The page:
Fears as lawyers locked in custody suites put at risk
PUBLISHED March 2, 2006
Criminal defence solicitors are looking to meet with leading players in the criminal justice system over concerns about the safety of duty solicitors who are locked into cells with potentially dangerous clients.
The Law Society and the Criminal Law Solicitors Association (CLSA) have both received complaints from members that duty solicitors nationally are being put into jeopardy, particularly when they conduct interviews in custody suites.
A Law Society spokeswoman said: ?We have serious concerns about the safety of solicitors following reports from criminal duty solicitors that the police and private security firms now running some police custody suites have insisted that solicitors be locked in the interview room with clients. Chancery Lane has raised its concerns at a recent meeting with members of the Association of Chief Police Officers (ACPO).?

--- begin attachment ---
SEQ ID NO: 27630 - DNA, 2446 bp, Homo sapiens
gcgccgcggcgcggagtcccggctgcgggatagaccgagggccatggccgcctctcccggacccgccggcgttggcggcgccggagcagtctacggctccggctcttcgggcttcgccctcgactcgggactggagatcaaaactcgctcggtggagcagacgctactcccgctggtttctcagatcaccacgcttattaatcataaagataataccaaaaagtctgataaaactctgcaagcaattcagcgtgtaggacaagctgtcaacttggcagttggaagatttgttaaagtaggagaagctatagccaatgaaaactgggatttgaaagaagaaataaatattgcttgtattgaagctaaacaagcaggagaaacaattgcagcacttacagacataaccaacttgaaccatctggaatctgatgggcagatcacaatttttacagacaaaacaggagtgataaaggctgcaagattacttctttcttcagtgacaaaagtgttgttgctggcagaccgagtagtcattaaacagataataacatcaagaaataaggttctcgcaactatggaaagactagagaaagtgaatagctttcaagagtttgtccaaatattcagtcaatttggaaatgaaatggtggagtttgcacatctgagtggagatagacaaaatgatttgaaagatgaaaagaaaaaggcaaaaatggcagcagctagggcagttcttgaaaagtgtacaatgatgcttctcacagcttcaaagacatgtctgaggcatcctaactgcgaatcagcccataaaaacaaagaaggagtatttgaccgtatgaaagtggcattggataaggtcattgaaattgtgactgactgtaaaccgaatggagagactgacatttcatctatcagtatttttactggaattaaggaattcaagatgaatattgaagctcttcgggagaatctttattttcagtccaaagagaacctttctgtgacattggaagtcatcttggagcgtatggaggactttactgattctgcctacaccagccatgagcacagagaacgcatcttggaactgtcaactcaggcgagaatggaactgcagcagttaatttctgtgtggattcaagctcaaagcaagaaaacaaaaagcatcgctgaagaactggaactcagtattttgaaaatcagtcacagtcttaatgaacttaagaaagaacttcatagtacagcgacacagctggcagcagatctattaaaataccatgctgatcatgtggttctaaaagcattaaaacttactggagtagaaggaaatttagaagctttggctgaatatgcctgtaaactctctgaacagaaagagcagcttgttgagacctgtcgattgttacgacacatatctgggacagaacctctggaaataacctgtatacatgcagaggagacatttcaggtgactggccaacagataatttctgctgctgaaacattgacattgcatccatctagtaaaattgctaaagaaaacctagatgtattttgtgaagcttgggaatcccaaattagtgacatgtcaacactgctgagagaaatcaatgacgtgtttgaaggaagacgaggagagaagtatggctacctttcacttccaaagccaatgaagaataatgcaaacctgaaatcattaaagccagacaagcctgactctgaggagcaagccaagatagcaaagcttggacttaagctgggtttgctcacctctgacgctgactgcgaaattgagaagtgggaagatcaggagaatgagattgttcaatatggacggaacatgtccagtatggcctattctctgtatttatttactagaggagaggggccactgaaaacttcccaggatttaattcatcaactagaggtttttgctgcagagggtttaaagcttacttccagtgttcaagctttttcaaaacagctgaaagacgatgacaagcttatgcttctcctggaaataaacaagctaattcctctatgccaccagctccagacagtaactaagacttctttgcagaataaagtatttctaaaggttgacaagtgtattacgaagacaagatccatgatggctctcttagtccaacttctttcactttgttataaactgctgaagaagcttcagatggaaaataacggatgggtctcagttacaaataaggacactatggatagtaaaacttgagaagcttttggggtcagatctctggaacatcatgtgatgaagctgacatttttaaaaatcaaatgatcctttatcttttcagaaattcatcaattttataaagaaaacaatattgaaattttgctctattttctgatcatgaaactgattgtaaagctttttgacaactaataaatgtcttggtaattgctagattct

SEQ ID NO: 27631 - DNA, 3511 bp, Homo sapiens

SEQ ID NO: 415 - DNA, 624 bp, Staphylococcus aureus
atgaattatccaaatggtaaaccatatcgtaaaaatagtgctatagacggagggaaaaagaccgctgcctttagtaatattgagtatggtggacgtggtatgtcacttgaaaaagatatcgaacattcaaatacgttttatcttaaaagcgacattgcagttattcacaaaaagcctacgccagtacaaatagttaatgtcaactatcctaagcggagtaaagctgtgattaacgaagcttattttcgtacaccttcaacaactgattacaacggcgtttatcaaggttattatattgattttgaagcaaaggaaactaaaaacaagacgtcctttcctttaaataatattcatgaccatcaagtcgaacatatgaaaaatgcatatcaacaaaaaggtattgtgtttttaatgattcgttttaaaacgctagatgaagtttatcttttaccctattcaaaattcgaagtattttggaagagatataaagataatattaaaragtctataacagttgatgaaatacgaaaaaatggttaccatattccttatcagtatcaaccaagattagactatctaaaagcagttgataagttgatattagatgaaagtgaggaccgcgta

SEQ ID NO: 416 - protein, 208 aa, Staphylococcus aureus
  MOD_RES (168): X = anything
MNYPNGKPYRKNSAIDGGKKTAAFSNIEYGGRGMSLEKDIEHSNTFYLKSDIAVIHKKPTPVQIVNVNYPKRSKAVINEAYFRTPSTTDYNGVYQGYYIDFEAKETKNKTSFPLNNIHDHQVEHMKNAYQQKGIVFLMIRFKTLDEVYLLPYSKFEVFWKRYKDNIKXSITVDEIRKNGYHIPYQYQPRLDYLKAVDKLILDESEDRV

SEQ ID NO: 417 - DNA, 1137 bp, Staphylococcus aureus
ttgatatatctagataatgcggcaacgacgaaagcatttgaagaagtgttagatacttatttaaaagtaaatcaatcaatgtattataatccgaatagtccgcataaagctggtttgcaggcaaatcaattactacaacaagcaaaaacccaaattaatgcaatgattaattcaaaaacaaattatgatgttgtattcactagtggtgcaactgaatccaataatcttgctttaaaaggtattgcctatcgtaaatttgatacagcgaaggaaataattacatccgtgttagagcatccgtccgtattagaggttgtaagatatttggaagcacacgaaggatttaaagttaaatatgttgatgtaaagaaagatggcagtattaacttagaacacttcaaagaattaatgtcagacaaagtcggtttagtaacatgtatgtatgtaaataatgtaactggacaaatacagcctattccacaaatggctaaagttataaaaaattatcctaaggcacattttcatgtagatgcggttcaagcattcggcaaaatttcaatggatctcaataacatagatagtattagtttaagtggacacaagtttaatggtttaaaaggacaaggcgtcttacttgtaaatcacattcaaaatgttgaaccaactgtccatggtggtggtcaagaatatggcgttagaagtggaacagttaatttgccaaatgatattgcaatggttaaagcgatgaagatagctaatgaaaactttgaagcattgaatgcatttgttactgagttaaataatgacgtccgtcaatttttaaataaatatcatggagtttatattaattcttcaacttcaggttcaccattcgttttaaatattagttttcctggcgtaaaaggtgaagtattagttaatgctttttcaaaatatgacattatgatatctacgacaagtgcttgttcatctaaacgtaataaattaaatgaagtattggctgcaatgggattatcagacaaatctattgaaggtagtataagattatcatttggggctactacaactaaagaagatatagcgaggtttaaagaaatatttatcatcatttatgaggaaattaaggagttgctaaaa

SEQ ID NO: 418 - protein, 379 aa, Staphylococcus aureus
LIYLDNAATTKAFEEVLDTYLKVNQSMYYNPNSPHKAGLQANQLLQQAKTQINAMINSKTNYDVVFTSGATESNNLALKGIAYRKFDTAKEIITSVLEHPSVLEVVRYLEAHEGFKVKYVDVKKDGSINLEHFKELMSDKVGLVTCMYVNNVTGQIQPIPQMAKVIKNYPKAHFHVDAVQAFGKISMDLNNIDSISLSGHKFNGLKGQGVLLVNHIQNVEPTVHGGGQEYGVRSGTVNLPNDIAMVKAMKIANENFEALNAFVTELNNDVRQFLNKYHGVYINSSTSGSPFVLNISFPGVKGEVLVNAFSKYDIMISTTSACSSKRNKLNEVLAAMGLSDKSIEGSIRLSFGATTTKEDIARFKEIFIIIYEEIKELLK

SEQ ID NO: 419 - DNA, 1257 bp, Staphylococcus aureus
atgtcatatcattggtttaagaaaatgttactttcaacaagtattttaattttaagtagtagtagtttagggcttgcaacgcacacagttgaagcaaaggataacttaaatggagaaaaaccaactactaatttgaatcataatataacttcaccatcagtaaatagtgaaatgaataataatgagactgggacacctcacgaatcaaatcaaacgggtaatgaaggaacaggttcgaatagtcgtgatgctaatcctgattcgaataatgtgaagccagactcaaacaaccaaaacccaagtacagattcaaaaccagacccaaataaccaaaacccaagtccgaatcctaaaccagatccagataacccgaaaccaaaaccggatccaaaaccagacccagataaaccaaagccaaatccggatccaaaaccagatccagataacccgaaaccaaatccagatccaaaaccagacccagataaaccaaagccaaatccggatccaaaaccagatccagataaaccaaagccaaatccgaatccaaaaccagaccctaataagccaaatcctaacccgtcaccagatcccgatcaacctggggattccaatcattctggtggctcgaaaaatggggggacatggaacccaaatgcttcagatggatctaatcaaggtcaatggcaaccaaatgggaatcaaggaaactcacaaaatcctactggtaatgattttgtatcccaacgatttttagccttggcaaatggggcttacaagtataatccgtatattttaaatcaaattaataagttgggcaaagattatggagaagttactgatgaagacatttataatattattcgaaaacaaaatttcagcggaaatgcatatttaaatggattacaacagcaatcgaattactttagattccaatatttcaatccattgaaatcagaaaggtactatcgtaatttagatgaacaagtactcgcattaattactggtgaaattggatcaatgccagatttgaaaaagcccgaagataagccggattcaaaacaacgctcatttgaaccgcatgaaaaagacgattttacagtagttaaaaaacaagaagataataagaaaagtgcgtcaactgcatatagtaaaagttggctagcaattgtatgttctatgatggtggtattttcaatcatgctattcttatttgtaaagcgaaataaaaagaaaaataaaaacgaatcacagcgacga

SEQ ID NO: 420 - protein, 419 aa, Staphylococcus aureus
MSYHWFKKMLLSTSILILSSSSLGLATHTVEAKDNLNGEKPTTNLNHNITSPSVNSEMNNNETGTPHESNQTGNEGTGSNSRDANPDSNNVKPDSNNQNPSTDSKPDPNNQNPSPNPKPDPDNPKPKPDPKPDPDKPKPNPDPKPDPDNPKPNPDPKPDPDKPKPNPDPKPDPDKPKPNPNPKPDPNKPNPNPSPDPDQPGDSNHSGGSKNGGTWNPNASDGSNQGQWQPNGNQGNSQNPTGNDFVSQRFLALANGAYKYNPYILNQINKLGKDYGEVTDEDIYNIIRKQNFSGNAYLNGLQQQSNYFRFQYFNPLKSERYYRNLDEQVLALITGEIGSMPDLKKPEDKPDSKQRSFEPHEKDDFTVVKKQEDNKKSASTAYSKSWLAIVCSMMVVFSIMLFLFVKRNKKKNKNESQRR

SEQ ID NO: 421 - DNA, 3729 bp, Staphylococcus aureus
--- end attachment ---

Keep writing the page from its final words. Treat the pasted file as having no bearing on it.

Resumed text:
The Criminal Law Solicitors Association (CLSA) has also discussed the problem with the Health and Safety Executive (HSE), which said it was keen to broker a meeting between those involved in the process, including ACPO and the Home Office.
A HSE spokesman said it was aware that a balance must be struck between health and safety and client confidentiality. ?We would welcome ideas from solicitors on how to address safety concerns while still enabling them to do their jobs,? he said. ?We all need to come up with some solutions.?
CLSA director Rodney Warren welcomed the prospect of a meeting. ?There needs to be greater consideration for the safety of those involved in working in custody suites, whether they are defence or prosecution or those involved in any other part of the process,? he said. Mr Warren said current conditions should be addressed now, but in future greater consideration should also be given to lawyers? safety when buildings are being designed.